I really enjoyed visiting Tanah Lot and exploring the area. Whilst I was happy to see the rock itself it was being able to explore that made it really worthwhile. The rock pools with the sea crashing over them were really enjoyable. And it was a great bonus to see the Batu Balong temple as well.
Pura Taman Ayun served for awhile as the royal palace of the Mengwi Kingdom. It was one of 9 Balinese Kingdoms during it’s existence. In the past Bali was often divided between several Hindu kingdoms. This lasted for centuries, with the Kingdoms often rivalling each other. It was complicated by the the arrival of the European colonial powers. In the end the powers of the Kingdoms were destroyed by the Dutch. They had began invading the area in the 19th century though didn’t finish their conquest until 1908. The Mengwi Kingdom had actually ceased to exist by then. In 1891 it had been destroyed by it’s rival neighbouring Kingdoms.
The temple itself is said to have been built in 1634 by the ruler of the Mengwi Kingdom at this time. It has undergone several restorations since then. 1937 was the most extensive of these.
What impressed me about this temple is it’s design. Water is a big theme here. It’s entrance area is surrounded by water and you cross over a bridge to access it. Walking into the temple after paying the entry fee you then pass through well kept spacious gardens. You can admire water features and Balinese gates and religious statues and buildings.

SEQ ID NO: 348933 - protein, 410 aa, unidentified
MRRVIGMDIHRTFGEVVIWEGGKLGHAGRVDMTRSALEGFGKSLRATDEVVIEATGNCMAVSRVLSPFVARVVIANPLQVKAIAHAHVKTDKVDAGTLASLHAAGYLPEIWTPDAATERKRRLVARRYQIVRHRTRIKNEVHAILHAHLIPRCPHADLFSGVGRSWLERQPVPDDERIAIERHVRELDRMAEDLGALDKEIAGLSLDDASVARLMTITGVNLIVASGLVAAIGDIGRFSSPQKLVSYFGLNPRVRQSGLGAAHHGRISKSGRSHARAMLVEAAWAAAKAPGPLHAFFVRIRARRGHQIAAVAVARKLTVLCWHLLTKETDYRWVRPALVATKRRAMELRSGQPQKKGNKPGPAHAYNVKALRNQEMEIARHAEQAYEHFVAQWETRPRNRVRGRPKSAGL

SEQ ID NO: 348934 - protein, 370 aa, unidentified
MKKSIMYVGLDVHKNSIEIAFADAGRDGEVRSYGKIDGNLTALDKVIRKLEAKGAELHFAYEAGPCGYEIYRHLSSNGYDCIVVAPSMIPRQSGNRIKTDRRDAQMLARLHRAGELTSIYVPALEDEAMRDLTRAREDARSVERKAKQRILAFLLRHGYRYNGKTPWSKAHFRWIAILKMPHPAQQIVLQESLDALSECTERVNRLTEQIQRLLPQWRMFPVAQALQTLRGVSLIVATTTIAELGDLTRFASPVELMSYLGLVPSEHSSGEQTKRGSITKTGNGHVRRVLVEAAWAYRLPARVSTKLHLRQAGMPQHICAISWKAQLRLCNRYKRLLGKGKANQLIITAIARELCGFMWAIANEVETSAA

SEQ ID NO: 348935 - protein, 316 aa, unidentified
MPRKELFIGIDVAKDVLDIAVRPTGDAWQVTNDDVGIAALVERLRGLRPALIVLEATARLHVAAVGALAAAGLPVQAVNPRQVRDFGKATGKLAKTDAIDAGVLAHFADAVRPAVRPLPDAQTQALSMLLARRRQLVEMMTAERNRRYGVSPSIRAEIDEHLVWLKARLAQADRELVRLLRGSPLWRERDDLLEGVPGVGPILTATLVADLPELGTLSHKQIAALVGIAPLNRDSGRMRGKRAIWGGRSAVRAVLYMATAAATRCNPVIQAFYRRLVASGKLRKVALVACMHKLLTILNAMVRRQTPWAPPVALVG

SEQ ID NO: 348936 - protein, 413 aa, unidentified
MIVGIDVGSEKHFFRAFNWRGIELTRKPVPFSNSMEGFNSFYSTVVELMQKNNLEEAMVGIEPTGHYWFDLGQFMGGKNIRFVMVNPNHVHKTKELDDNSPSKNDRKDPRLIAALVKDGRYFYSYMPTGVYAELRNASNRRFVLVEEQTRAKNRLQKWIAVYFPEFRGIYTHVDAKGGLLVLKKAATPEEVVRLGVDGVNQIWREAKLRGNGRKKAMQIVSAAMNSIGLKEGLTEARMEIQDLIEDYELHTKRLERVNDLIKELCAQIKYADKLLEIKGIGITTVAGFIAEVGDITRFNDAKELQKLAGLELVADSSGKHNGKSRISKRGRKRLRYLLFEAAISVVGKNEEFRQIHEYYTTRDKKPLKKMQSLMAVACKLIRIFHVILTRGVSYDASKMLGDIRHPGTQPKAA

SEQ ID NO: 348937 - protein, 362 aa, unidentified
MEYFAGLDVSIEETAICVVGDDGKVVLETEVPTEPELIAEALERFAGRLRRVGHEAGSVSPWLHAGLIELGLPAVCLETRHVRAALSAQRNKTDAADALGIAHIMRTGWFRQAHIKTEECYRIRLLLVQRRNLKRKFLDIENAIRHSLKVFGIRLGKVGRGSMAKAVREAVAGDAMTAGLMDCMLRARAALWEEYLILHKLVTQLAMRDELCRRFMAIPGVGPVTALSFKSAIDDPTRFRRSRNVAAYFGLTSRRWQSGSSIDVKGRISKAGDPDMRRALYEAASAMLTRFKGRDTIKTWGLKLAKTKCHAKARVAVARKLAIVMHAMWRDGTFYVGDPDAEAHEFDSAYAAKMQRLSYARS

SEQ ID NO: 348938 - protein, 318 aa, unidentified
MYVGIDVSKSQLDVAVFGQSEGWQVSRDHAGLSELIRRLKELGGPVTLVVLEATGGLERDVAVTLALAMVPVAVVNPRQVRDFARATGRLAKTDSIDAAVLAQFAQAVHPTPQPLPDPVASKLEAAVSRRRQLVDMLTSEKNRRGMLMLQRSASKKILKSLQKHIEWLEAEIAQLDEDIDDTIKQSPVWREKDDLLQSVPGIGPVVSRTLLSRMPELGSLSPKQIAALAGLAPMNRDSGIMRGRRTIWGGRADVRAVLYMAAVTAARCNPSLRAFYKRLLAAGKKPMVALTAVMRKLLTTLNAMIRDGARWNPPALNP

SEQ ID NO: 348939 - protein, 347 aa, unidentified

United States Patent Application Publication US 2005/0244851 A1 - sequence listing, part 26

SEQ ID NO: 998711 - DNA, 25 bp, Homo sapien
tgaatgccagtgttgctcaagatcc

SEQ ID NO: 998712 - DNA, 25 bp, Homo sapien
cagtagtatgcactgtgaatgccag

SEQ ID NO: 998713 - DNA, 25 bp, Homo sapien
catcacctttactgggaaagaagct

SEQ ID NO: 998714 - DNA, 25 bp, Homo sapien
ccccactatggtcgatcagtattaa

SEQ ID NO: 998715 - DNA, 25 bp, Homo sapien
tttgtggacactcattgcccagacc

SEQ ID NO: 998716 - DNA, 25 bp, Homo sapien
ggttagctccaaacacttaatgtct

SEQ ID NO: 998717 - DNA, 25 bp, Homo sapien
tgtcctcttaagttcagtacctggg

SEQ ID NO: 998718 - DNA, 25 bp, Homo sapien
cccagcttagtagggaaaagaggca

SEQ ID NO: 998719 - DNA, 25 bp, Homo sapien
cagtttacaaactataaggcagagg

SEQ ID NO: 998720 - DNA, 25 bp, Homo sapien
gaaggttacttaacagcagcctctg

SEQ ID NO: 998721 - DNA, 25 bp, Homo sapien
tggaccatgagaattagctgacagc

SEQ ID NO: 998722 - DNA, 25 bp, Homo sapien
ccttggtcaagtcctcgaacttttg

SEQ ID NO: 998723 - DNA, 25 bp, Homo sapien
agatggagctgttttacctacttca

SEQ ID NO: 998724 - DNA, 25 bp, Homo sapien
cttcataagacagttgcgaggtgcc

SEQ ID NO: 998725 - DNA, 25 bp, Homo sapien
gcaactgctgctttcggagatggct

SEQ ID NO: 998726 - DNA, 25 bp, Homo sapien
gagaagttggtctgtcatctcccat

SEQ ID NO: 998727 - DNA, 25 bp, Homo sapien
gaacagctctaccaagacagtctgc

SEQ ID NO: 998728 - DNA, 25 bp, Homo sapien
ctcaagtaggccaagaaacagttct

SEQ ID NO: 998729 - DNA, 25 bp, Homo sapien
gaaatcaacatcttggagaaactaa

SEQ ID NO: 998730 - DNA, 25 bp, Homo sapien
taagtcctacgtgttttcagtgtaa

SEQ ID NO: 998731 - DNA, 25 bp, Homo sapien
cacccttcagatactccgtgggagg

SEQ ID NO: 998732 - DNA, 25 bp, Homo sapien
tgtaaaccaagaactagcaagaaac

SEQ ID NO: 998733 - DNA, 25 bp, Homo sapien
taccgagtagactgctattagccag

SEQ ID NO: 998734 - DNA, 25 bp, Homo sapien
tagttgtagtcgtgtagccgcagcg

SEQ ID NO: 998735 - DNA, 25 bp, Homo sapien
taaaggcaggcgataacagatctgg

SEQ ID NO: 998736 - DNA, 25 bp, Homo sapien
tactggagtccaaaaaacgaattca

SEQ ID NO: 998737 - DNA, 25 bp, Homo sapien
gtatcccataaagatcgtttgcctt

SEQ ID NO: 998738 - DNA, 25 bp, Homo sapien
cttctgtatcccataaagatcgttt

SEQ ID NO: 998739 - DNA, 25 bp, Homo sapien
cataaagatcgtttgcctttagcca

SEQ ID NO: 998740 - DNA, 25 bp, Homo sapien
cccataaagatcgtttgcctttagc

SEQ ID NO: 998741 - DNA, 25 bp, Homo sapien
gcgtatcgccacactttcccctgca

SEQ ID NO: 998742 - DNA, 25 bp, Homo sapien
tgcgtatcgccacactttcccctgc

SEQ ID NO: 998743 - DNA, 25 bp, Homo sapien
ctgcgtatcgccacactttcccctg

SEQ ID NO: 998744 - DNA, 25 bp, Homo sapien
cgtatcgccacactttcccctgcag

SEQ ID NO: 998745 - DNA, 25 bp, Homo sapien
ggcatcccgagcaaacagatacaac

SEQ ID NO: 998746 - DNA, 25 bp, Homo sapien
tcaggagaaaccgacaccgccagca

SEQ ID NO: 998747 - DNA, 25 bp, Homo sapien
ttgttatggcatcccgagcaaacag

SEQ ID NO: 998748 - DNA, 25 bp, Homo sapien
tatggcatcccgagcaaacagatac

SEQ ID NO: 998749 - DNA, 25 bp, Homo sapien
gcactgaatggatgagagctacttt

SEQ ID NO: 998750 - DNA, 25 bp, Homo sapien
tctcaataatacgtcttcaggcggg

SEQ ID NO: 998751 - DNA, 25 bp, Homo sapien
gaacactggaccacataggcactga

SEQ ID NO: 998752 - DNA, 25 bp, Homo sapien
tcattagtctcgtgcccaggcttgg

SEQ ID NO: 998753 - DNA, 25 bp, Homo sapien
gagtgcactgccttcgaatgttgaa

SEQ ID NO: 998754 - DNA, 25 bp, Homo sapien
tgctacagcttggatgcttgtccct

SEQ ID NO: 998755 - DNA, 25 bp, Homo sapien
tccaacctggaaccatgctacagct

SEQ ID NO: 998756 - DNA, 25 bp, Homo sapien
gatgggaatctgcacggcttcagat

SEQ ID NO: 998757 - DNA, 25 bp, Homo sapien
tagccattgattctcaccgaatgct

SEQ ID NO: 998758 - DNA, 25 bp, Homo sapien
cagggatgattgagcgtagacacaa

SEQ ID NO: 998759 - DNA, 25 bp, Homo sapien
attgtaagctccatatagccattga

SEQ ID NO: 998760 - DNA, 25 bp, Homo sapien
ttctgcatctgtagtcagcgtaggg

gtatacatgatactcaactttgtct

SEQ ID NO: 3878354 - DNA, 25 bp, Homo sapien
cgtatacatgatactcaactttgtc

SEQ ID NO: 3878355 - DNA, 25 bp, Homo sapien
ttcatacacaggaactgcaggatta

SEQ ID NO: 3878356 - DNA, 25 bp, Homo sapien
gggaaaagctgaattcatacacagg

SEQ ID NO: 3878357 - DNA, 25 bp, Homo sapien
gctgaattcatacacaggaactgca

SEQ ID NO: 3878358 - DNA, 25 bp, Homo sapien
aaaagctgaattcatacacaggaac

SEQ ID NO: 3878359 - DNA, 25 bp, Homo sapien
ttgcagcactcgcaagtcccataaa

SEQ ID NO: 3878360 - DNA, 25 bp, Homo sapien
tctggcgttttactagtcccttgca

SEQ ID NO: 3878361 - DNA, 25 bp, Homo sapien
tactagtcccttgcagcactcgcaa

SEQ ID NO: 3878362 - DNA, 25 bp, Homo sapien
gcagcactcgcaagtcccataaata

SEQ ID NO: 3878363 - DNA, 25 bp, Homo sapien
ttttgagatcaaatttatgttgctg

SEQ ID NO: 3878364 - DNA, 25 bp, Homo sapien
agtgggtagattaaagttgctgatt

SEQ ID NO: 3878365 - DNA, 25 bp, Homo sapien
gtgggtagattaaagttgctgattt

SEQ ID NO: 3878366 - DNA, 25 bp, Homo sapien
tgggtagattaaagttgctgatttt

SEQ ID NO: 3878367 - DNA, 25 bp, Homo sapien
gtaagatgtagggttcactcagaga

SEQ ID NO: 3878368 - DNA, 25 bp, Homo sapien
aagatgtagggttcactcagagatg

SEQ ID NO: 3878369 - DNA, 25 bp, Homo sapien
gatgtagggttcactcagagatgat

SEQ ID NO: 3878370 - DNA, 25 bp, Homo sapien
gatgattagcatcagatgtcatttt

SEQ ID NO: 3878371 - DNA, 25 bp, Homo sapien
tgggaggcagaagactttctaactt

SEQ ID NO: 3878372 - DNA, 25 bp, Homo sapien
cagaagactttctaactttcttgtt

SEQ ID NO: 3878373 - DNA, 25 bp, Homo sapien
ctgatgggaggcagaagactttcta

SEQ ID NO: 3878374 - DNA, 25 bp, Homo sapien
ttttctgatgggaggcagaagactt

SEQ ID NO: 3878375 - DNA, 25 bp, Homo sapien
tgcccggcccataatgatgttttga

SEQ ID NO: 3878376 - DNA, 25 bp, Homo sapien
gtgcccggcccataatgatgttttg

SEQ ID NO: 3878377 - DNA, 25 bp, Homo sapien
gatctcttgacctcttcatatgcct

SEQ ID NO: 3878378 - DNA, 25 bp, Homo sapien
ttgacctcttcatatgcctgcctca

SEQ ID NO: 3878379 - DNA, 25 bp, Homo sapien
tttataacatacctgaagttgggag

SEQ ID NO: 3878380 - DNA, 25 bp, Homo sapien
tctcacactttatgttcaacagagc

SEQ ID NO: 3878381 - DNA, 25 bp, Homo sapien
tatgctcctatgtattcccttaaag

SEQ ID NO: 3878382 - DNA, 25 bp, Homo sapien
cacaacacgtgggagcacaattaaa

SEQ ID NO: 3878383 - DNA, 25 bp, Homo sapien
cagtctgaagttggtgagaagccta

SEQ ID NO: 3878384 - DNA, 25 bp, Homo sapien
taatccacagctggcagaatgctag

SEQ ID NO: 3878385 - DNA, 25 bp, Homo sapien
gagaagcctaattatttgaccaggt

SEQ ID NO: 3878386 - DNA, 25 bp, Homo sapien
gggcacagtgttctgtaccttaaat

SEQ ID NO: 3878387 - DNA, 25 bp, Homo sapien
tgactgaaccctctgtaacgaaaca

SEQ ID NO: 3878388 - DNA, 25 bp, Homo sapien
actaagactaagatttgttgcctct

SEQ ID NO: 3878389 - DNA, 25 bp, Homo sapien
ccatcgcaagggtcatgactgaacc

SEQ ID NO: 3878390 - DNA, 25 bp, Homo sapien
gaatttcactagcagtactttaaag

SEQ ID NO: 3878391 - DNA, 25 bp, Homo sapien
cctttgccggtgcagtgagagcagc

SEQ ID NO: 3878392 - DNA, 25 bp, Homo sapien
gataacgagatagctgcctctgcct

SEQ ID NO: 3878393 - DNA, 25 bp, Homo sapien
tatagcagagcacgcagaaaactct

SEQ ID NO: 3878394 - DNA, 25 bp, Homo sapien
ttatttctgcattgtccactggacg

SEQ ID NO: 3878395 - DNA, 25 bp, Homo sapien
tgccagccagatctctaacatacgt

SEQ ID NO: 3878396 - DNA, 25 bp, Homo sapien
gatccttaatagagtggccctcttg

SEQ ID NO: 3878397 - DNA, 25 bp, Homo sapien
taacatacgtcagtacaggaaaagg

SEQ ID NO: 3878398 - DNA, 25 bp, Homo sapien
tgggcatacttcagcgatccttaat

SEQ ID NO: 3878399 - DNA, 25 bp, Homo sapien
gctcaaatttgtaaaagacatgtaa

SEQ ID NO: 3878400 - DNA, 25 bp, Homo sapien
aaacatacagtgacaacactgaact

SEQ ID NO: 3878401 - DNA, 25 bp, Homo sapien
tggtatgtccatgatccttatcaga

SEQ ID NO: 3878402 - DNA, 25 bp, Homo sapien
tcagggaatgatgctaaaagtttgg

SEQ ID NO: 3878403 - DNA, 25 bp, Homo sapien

Entering the inner courtyard you see the main temple complex. You see several pagodas of ascending height in a line. Behind them are more pagodas. It is surrounded by a moat which adds to it’s aesthetic appeal.
Walk around more and you can find a small wooded area which has a pathway marked out. Its nice and peaceful to walk around. You can also find more statues, such as pictured below. There are also scenes from Hindu mythology on display. Have a look around and see what you can spot.
I found this whole temple area to be very peaceful and pleasant to walk around. I liked the Hindu imagery on display. And I was really impressed by main temple complex area and the pagoda’s. I think this is a really beautiful temple and well worth a visit. Bali has a lot of great temples but for me this was my favourite.
I really recommend visiting both of these temples if your spending time on Bali. Even if you have visited others already in Ubud or elsewhere I still think these are worth a trip. They offer nice variation, which is for me what stands out about Bali’s temples in particular. Balinese Hinduism is really interesting in how it has developed it’s own unique style on the island. The fact Bali was divided between different kingdoms for so long seems to have contributed to. I think Southeast Asia has a lot of great temples and I would include those on Bali amongst the best.